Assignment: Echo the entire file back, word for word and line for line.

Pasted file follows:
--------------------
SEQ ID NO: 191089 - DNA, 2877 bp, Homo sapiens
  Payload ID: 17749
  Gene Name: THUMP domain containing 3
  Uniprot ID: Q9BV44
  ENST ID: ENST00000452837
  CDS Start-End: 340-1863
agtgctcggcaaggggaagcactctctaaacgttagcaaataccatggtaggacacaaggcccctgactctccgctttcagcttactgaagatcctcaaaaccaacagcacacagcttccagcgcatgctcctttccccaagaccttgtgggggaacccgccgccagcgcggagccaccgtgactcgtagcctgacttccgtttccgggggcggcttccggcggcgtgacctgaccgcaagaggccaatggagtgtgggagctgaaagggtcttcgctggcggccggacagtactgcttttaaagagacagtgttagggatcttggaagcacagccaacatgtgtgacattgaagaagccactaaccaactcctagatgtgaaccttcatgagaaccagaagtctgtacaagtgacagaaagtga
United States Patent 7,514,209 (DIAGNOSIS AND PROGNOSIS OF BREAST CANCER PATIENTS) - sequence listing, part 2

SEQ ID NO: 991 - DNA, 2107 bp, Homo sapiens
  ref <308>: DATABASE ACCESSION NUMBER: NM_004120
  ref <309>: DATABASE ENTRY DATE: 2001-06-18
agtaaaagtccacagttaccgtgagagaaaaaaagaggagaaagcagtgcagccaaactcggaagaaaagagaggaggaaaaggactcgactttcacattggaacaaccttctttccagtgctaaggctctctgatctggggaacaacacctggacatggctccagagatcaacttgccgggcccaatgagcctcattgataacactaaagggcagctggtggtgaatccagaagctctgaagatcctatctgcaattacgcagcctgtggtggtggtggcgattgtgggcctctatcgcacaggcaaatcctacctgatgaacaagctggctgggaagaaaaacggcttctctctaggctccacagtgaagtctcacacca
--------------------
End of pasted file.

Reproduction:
SEQ ID NO: 191089 - DNA, 2877 bp, Homo sapiens
  Payload ID: 17749
  Gene Name: THUMP domain containing 3
  Uniprot ID: Q9BV44
  ENST ID: ENST00000452837
  CDS Start-End: 340-1863
agtgctcggcaaggggaagcactctctaaacgttagcaaataccatggtaggacacaaggcccctgactctccgctttcagcttactgaagatcctcaaaaccaacagcacacagcttccagcgcatgctcctttccccaagaccttgtgggggaacccgccgccagcgcggagccaccgtgactcgtagcctgacttccgtttccgggggcggcttccggcggcgtgacctgaccgcaagaggccaatggagtgtgggagctgaaagggtcttcgctggcggccggacagtactgcttttaaagagacagtgttagggatcttggaagcacagccaacatgtgtgacattgaagaagccactaaccaactcctagatgtgaaccttcatgagaaccagaagtctgtacaagtgacagaaagtga
United States Patent 7,514,209 (DIAGNOSIS AND PROGNOSIS OF BREAST CANCER PATIENTS) - sequence listing, part 2

SEQ ID NO: 991 - DNA, 2107 bp, Homo sapiens
  ref <308>: DATABASE ACCESSION NUMBER: NM_004120
  ref <309>: DATABASE ENTRY DATE: 2001-06-18
agtaaaagtccacagttaccgtgagagaaaaaaagaggagaaagcagtgcagccaaactcggaagaaaagagaggaggaaaaggactcgactttcacattggaacaaccttctttccagtgctaaggctctctgatctggggaacaacacctggacatggctccagagatcaacttgccgggcccaatgagcctcattgataacactaaagggcagctggtggtgaatccagaagctctgaagatcctatctgcaattacgcagcctgtggtggtggtggcgattgtgggcctctatcgcacaggcaaatcctacctgatgaacaagctggctgggaagaaaaacggcttctctctaggctccacagtgaagtctcacacca